Rodriguez making strides, making case for long-term

The Nationals made a late rotation change this weekend, electing not to start Tommy Milone as planned Saturday night against the Marlins and instead promote Jefry Rodriguez from Triple-A. The rationale? Rodriguez had been on a roll - he had an 0.83 ERA over his last four starts, split between Syracuse and Washington - and Milone could prove more valuable as a much-needed long reliever in the bullpen.

A lot of things didn’t go right for the Nats during their 7-5, 10-inning loss. But the decision to start Rodriguez wasn’t one of them. The right-hander pitched quite well and put his team in position to win.

Through his first five innings Saturday, Rodriguez had allowed only two runs on three hits, his pitch count a highly manageable 69.

“I felt great out there today,” the rookie said, via interpreter Octavio Martinez.

Rodriguez even contributed at the plate, singling in the bottom of the third and then scoring on Trea Turner’s homer. That hit left the lanky, 6-foot-8 hurler 2-for-9 at the plate in the major leagues.

“I like hitting a lot,” he said. “Especially when you have a manager here that gives you confidence and tells you go out there and swing it. So I enjoy hitting.”

Rodriguez-Jefry-Winds-Red-sidebar.jpgManager Davey Martinez may have shown a bit too much confidence in Rodriguez as a hitter, though. With the game tied 2-2 in the bottom of the fifth, Martinez let Rodriguez bat for himself with one out and a runner on second. He grounded out, and the Nationals wound up stranding the runner in scoring position.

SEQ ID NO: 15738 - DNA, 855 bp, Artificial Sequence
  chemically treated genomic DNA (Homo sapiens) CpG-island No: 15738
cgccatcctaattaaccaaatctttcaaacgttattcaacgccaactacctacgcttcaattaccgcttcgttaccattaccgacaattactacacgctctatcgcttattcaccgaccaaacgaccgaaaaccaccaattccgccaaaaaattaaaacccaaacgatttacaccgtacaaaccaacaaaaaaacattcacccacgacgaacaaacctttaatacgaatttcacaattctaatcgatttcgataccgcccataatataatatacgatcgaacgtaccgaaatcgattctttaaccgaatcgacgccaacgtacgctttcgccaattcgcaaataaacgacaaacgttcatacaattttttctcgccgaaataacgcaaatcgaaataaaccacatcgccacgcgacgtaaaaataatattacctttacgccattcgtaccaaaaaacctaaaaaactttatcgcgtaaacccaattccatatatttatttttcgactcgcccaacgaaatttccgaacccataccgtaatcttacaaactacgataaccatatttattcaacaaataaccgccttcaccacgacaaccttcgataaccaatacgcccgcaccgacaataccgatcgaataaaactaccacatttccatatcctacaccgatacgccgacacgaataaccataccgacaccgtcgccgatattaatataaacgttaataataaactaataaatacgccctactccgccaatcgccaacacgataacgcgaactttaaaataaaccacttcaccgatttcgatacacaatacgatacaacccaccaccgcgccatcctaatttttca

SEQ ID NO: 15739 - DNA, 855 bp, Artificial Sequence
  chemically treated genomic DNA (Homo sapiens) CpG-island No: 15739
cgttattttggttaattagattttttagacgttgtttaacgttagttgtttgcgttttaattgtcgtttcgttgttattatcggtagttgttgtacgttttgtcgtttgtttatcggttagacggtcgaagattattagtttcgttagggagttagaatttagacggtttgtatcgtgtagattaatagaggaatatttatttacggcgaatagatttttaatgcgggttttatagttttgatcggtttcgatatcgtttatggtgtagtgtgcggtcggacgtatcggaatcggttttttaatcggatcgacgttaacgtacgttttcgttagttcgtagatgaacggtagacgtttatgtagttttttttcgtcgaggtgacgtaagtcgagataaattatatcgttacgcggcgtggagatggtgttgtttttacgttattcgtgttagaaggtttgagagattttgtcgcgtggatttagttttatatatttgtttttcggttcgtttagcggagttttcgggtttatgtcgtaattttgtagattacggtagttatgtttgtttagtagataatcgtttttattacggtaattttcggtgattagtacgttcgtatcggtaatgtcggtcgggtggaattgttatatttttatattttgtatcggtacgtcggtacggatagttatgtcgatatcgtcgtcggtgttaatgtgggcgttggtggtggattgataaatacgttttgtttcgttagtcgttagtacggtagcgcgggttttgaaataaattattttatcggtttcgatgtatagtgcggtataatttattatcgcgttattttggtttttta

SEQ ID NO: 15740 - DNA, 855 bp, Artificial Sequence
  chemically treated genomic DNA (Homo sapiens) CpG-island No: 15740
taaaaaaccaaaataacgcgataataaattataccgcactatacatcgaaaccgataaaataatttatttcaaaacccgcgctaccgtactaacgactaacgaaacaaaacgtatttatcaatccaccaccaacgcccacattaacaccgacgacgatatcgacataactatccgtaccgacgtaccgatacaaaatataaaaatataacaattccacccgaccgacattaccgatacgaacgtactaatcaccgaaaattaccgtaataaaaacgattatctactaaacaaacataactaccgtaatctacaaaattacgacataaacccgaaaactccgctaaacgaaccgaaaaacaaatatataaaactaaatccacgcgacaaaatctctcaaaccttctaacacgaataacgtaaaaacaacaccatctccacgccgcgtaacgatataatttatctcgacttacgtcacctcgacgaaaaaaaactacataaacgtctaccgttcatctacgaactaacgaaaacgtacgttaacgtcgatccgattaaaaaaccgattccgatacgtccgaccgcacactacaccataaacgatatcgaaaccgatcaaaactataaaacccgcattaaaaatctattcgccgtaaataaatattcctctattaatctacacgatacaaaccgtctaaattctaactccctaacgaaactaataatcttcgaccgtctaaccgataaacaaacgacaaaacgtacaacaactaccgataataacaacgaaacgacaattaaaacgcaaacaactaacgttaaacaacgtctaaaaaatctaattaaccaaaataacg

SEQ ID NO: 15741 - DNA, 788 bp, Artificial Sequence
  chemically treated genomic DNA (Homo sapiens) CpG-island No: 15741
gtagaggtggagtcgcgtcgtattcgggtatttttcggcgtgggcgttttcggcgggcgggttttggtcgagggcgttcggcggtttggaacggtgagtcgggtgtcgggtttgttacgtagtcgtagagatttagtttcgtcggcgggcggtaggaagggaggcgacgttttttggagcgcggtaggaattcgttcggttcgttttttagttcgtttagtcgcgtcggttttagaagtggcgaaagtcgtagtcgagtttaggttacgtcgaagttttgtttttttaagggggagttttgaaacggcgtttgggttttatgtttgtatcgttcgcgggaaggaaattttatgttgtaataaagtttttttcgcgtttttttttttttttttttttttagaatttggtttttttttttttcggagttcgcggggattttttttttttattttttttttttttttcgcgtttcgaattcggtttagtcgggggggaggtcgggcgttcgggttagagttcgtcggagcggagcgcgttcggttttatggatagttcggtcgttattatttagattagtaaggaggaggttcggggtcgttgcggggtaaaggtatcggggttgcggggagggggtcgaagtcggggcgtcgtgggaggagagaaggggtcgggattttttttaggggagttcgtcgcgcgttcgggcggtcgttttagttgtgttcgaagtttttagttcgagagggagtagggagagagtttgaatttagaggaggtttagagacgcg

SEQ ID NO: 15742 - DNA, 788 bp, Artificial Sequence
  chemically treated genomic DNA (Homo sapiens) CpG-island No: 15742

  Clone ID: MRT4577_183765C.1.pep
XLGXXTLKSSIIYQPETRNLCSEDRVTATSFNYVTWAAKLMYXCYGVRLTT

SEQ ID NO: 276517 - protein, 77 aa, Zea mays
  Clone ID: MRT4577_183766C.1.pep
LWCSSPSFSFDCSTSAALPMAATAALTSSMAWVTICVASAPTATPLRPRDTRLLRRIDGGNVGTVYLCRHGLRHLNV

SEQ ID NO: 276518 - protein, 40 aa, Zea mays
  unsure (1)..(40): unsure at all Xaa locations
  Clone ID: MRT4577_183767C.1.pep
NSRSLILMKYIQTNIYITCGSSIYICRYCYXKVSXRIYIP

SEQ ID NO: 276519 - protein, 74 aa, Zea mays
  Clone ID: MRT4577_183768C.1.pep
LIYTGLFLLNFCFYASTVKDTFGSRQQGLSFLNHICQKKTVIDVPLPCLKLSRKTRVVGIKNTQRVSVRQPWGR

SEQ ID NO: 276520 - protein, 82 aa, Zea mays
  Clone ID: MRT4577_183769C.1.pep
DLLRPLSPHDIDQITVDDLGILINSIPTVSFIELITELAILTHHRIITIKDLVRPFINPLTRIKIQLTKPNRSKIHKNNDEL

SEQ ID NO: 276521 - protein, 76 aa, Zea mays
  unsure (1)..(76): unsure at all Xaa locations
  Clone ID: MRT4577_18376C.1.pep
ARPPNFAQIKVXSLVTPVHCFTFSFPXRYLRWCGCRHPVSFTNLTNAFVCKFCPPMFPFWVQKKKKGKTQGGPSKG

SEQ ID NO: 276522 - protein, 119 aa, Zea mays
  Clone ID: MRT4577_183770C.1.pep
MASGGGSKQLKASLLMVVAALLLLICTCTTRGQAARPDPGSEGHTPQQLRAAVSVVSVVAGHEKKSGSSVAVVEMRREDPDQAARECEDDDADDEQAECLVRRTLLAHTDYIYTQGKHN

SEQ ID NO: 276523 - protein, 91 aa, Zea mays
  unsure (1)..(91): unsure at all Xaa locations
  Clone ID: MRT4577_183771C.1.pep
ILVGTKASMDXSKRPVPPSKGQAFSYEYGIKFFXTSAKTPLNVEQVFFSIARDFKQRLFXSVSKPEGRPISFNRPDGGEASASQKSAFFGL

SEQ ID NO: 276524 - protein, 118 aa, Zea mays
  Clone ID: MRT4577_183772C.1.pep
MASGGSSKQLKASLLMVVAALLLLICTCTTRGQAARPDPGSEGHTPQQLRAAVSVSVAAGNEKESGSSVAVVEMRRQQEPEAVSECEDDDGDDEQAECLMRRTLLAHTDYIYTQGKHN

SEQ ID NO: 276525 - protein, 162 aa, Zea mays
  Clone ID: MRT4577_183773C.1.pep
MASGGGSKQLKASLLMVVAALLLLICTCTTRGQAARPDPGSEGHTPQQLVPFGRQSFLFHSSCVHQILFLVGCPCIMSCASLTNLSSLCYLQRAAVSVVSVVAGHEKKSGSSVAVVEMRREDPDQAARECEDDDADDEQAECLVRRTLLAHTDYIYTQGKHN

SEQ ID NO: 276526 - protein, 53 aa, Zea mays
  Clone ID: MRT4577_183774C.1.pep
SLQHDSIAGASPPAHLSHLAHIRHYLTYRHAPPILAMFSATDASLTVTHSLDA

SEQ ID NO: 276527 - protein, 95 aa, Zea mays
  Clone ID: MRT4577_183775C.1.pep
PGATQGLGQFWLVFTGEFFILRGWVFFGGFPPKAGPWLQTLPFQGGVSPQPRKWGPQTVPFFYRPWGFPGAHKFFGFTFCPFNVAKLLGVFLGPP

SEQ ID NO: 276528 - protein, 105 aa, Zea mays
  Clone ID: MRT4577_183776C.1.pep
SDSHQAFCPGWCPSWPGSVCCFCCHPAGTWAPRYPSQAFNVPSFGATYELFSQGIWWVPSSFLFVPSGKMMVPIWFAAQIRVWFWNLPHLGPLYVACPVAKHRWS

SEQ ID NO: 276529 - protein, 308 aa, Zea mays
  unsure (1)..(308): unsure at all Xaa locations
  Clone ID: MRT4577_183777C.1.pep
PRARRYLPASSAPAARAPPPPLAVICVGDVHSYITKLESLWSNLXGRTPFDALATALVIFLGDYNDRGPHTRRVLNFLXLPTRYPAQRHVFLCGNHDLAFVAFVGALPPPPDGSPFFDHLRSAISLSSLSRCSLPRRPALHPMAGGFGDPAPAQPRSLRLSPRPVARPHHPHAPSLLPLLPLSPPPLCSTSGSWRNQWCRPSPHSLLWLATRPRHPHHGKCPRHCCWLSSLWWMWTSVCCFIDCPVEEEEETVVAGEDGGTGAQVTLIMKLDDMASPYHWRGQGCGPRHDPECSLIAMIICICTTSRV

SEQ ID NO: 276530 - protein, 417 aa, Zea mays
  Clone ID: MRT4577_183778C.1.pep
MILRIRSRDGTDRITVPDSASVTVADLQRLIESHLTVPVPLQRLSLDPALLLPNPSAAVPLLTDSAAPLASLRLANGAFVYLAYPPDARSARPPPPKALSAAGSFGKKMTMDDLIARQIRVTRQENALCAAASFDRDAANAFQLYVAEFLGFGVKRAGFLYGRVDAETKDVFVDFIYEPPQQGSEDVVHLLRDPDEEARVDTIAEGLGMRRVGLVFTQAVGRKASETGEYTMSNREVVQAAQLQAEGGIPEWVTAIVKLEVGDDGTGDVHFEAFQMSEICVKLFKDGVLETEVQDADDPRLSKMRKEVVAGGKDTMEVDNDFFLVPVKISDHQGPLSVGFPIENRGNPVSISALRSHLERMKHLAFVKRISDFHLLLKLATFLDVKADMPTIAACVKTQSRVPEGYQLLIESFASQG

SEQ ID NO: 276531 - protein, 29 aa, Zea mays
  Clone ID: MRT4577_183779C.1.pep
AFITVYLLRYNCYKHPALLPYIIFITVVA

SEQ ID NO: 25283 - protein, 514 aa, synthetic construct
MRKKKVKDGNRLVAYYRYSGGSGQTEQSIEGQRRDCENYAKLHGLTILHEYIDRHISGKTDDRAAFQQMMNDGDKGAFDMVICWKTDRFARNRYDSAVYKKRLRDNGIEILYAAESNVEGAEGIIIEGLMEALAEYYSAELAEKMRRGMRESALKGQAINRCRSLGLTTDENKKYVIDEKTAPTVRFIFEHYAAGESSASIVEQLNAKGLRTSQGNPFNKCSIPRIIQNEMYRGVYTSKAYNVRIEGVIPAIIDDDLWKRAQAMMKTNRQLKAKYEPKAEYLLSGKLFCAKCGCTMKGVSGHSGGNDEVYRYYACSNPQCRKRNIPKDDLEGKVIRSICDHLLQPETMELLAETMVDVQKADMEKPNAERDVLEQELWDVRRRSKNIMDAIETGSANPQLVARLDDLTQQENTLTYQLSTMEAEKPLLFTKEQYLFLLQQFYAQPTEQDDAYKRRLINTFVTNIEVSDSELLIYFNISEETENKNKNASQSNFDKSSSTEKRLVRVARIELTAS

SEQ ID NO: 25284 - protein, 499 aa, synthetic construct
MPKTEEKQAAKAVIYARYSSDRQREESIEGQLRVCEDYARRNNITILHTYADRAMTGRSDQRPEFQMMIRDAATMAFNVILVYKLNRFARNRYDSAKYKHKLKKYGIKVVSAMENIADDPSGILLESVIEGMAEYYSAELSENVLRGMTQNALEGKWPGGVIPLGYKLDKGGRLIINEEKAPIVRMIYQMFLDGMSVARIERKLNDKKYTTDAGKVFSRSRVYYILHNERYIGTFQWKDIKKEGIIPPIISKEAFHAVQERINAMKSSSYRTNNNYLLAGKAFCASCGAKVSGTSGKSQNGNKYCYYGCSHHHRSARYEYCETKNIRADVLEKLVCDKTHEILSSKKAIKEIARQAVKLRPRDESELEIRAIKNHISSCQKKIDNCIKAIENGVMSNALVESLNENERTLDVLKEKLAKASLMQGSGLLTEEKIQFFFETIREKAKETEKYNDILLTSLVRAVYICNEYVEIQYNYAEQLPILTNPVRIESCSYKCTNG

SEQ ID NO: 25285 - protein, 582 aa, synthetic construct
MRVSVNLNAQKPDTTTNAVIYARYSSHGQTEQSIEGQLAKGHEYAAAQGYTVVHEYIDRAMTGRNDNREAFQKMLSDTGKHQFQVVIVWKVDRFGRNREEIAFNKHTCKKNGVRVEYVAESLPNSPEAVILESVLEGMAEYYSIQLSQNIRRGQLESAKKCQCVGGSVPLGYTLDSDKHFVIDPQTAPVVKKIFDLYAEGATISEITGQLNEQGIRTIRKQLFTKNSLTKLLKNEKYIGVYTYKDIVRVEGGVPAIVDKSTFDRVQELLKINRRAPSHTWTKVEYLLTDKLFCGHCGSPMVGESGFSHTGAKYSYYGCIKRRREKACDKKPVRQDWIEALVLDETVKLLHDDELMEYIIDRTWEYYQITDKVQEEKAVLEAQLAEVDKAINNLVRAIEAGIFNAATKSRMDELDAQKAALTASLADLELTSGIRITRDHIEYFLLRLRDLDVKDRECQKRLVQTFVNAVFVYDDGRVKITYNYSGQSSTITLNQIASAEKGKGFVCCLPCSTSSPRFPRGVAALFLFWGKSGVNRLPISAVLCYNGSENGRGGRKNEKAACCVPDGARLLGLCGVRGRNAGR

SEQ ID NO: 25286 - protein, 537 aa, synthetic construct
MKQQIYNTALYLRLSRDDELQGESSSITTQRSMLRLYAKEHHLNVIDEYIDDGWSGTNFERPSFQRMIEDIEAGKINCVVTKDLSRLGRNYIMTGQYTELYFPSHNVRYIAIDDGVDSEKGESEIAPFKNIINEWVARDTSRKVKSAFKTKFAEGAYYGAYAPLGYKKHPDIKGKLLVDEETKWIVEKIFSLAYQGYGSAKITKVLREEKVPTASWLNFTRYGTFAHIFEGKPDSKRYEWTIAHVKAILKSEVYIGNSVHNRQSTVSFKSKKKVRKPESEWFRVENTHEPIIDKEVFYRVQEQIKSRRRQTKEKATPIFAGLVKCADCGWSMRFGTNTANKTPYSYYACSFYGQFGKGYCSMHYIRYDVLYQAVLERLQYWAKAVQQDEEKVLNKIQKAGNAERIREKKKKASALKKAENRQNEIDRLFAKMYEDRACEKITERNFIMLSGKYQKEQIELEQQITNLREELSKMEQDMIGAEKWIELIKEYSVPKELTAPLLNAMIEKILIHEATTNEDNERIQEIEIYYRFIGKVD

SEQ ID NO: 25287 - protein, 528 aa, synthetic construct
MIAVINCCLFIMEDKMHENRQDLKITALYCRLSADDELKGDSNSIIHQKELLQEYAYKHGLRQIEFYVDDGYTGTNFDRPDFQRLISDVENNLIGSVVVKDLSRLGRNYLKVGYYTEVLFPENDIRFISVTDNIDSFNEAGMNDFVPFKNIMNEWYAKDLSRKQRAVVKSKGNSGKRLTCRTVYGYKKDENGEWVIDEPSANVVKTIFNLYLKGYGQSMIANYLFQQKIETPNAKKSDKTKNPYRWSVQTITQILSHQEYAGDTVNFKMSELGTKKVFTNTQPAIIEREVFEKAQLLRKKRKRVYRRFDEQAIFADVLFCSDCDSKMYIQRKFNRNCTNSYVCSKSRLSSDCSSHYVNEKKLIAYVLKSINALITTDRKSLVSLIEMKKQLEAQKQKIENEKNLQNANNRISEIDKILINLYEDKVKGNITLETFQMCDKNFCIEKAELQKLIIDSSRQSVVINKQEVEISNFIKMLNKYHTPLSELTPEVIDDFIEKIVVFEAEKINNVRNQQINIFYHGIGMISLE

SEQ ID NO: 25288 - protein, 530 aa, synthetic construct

The thinking: Rodriguez was cruising on the mound, his pitch count was low and the Nats bullpen has no shortage of issues right now. But when Rodriguez gave up back-to-back singles to J.T. Realmuto and Brian Anderson to open the sixth, he immediately was pulled in favor of lefty Tim Collins.

“I really thought when he went out there he was still pretty strong,” Martinez said. “Two pretty good hitters get a couple hits, we decided to make the move then. But he did well, he really did.”

The Nationals haven’t announced a plan yet for Rodriguez beyond Saturday’s game. If Stephen Strasburg returns from the disabled list to start Tuesday against the Phillies, they won’t need a fifth starter again until next weekend, so Rodriguez could be sent back to Syracuse or remain here and possibly be available out of the bullpen.

Whatever the immediate future holds, Rodriguez is beginning to establish himself as a viable option for the club to consider, having made some significant strides over the course of the season.

“I think the biggest difference there is, before, I used to like to just battle with my fastball a lot,” he said. “Now I’m mixing in my pitches more, using my off-speed more and getting more comfortable and confident with those off-speed pitches.”

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